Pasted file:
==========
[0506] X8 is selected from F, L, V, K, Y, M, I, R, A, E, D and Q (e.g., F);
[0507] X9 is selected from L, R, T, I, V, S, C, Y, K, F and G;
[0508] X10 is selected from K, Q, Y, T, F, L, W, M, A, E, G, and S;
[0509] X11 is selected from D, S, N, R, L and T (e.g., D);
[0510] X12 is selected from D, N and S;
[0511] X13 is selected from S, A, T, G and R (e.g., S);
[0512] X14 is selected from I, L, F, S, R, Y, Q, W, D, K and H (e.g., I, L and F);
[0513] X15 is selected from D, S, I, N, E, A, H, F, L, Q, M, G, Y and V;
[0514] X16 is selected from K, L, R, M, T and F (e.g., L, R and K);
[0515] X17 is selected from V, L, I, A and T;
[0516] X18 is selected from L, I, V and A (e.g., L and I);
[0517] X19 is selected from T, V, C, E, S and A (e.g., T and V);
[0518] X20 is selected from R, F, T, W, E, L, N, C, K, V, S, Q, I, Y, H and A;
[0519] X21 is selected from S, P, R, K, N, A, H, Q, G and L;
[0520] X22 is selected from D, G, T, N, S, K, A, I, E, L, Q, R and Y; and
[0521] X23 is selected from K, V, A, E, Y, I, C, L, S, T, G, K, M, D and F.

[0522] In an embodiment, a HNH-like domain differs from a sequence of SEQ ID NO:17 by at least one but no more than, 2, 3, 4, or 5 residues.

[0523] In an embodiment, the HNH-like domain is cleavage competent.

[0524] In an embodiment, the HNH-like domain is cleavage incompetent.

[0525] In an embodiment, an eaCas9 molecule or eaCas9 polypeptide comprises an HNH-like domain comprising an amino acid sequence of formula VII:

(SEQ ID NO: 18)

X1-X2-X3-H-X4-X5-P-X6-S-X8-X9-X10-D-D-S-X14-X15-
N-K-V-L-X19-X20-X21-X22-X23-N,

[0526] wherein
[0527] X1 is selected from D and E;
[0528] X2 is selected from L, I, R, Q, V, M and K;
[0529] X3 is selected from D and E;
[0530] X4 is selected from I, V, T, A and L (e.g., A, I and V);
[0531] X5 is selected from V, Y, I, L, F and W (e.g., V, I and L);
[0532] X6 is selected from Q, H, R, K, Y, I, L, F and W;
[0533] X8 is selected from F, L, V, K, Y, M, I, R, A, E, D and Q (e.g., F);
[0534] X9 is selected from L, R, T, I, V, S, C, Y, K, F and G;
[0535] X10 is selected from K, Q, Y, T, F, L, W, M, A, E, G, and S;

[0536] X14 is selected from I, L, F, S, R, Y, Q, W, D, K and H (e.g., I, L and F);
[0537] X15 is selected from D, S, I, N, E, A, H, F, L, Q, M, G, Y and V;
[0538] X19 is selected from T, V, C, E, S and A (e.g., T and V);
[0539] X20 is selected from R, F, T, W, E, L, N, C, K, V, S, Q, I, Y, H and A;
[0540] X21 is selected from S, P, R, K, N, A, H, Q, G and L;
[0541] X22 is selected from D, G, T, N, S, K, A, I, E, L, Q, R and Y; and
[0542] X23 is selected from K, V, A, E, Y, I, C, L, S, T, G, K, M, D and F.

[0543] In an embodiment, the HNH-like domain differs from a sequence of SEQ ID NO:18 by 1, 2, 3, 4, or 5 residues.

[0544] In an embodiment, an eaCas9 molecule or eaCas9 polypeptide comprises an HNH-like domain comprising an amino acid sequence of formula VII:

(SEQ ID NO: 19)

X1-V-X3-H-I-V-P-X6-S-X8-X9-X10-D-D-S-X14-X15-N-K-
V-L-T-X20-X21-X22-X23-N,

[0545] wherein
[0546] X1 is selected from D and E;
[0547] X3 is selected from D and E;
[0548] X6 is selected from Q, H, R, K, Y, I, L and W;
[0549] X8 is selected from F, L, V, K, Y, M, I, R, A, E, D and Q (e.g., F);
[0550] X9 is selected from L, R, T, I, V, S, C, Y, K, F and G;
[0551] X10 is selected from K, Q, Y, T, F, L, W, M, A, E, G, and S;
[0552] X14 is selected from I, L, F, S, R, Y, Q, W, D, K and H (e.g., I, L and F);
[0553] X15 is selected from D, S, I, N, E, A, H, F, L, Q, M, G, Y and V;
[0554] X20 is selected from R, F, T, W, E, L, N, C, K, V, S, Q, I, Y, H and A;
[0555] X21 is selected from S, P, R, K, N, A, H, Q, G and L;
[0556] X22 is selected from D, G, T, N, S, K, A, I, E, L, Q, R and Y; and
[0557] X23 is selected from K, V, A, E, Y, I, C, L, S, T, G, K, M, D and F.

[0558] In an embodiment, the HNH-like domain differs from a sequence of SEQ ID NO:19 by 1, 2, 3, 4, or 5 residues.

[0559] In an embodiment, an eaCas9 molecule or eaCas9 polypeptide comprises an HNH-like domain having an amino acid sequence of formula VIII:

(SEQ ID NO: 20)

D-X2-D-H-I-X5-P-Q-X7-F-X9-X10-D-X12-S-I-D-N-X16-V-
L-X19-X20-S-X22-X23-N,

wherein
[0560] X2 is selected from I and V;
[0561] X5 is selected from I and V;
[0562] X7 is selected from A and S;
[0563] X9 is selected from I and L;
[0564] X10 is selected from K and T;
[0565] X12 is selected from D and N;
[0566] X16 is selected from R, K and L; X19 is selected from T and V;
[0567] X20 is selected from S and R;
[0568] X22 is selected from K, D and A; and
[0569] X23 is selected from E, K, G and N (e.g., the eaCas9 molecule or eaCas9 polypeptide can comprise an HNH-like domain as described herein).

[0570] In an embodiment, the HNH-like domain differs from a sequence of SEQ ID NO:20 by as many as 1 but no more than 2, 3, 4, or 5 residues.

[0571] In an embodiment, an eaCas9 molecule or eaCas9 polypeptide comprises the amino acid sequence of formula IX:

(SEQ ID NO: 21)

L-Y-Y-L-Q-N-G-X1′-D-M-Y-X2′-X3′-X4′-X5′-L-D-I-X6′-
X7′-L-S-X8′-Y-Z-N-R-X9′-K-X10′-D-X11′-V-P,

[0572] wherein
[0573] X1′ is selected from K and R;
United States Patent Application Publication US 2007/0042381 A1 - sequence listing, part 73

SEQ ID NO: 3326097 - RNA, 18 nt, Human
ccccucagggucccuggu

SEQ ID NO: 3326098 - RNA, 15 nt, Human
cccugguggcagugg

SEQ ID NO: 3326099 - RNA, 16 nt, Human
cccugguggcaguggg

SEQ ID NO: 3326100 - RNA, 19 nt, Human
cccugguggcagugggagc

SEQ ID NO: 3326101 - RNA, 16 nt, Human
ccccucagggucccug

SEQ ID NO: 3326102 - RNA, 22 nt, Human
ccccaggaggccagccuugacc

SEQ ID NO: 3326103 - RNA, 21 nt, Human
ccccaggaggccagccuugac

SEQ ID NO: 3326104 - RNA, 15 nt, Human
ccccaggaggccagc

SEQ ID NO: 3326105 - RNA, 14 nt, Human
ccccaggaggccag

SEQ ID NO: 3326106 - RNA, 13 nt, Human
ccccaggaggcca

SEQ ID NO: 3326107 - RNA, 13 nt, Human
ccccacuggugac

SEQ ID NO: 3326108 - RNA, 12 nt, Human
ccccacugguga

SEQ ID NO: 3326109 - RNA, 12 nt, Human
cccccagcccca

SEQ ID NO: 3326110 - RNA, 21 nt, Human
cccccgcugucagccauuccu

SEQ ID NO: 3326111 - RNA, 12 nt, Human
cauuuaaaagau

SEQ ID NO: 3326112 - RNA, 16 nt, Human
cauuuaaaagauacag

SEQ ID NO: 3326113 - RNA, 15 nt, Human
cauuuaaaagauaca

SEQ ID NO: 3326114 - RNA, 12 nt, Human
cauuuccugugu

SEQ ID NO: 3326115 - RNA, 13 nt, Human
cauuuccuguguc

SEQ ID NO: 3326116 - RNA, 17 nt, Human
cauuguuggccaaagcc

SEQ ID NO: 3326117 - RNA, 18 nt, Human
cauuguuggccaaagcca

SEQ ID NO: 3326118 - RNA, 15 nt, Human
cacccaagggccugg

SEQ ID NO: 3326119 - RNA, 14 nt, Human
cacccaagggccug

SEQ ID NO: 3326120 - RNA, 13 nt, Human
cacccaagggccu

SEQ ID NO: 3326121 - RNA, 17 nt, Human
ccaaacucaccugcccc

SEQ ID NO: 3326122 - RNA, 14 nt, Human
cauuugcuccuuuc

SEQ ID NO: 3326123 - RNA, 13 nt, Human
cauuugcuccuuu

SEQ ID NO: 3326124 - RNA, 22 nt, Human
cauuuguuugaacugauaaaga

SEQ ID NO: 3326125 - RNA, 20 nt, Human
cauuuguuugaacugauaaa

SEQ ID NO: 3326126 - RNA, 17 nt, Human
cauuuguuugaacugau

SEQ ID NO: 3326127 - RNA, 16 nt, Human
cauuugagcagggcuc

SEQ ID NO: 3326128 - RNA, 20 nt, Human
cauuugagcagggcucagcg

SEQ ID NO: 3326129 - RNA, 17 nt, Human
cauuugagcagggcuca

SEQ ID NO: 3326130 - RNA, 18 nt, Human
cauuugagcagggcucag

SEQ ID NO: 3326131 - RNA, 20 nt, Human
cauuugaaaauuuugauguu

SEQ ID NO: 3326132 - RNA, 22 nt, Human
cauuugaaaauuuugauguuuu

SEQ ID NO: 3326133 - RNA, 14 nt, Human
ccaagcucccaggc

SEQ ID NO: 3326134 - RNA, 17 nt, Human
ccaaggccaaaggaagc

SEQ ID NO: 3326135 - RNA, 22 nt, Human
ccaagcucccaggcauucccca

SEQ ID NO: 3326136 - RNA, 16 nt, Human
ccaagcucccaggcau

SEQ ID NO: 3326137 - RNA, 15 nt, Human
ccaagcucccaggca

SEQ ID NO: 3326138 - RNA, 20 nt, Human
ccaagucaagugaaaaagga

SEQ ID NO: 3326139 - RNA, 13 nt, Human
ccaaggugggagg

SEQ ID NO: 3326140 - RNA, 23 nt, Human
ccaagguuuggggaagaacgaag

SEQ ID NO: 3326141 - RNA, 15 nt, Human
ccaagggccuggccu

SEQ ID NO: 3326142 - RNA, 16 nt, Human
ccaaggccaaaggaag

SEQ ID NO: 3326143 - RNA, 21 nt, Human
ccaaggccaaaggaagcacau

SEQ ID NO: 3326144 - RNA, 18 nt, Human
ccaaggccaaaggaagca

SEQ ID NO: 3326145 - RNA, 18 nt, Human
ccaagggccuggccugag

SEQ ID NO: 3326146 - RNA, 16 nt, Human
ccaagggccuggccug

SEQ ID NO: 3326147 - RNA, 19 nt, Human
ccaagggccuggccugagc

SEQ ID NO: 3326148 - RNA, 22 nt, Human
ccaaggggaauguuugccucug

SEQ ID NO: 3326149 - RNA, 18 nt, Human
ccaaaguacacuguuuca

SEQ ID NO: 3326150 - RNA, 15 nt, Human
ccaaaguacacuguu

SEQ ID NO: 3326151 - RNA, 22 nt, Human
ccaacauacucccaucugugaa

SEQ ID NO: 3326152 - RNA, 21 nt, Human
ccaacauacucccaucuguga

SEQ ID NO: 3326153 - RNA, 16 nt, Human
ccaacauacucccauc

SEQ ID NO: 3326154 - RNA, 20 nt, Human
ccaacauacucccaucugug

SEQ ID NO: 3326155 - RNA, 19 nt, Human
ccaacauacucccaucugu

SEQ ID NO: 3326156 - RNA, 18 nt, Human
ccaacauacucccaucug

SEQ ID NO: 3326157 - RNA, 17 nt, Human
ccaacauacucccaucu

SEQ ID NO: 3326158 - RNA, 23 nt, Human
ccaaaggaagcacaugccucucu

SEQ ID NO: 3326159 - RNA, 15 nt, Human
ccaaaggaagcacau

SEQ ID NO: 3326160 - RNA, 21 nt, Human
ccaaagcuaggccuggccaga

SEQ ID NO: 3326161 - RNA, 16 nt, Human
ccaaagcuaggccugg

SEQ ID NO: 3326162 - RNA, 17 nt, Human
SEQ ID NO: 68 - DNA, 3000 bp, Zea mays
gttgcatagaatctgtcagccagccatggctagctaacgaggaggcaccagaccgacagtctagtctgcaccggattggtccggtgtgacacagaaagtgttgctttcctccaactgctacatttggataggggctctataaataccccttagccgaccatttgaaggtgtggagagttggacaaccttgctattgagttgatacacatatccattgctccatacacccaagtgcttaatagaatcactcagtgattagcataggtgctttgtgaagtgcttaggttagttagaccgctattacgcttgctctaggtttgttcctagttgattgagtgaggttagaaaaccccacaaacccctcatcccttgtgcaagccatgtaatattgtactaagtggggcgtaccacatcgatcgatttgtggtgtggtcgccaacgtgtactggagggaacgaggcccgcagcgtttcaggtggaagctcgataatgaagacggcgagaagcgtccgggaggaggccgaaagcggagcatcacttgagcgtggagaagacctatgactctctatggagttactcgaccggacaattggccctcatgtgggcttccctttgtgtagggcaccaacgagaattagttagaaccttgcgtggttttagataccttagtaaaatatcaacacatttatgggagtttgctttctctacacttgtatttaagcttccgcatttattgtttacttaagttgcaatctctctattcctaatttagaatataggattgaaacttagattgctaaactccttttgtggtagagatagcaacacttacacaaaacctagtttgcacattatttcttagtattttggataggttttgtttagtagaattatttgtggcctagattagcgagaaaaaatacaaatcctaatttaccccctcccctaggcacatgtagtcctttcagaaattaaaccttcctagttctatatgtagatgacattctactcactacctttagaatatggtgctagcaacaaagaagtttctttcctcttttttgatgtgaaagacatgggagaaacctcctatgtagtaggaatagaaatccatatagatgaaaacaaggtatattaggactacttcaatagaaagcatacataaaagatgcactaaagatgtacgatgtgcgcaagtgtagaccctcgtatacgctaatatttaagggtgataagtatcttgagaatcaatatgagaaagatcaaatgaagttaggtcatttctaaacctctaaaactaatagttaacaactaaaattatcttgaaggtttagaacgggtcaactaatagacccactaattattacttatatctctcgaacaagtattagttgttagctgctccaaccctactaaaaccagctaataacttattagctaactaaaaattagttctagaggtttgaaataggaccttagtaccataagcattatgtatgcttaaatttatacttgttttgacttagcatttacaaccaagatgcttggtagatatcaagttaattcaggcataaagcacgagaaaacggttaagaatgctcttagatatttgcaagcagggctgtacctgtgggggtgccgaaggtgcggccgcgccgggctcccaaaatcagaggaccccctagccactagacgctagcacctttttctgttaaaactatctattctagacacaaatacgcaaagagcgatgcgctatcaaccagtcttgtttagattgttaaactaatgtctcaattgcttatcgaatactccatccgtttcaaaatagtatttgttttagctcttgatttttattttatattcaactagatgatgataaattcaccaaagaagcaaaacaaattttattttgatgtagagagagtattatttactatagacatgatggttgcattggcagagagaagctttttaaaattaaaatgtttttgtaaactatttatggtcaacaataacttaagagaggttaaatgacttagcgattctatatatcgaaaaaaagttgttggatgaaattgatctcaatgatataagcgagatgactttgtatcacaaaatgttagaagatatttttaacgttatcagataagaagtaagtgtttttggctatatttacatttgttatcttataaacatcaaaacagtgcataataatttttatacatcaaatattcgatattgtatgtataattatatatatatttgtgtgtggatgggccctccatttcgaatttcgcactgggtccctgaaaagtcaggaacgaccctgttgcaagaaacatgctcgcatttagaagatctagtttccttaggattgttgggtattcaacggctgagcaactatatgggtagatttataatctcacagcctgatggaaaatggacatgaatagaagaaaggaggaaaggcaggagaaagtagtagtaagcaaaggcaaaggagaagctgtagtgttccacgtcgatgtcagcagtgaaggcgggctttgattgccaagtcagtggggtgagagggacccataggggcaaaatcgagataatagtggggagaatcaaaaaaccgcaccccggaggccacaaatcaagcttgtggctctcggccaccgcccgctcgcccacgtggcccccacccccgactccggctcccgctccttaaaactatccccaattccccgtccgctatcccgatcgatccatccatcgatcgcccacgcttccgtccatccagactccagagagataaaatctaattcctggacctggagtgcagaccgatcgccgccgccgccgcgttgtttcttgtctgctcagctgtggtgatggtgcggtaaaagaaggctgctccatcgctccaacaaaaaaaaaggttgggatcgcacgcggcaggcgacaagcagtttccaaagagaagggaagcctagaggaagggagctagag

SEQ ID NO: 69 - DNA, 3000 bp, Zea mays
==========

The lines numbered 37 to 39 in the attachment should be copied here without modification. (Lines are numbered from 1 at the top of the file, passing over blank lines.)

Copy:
[0539] X20 is selected from R, F, T, W, E, L, N, C, K, V, S, Q, I, Y, H and A;
[0540] X21 is selected from S, P, R, K, N, A, H, Q, G and L;
[0541] X22 is selected from D, G, T, N, S, K, A, I, E, L, Q, R and Y; and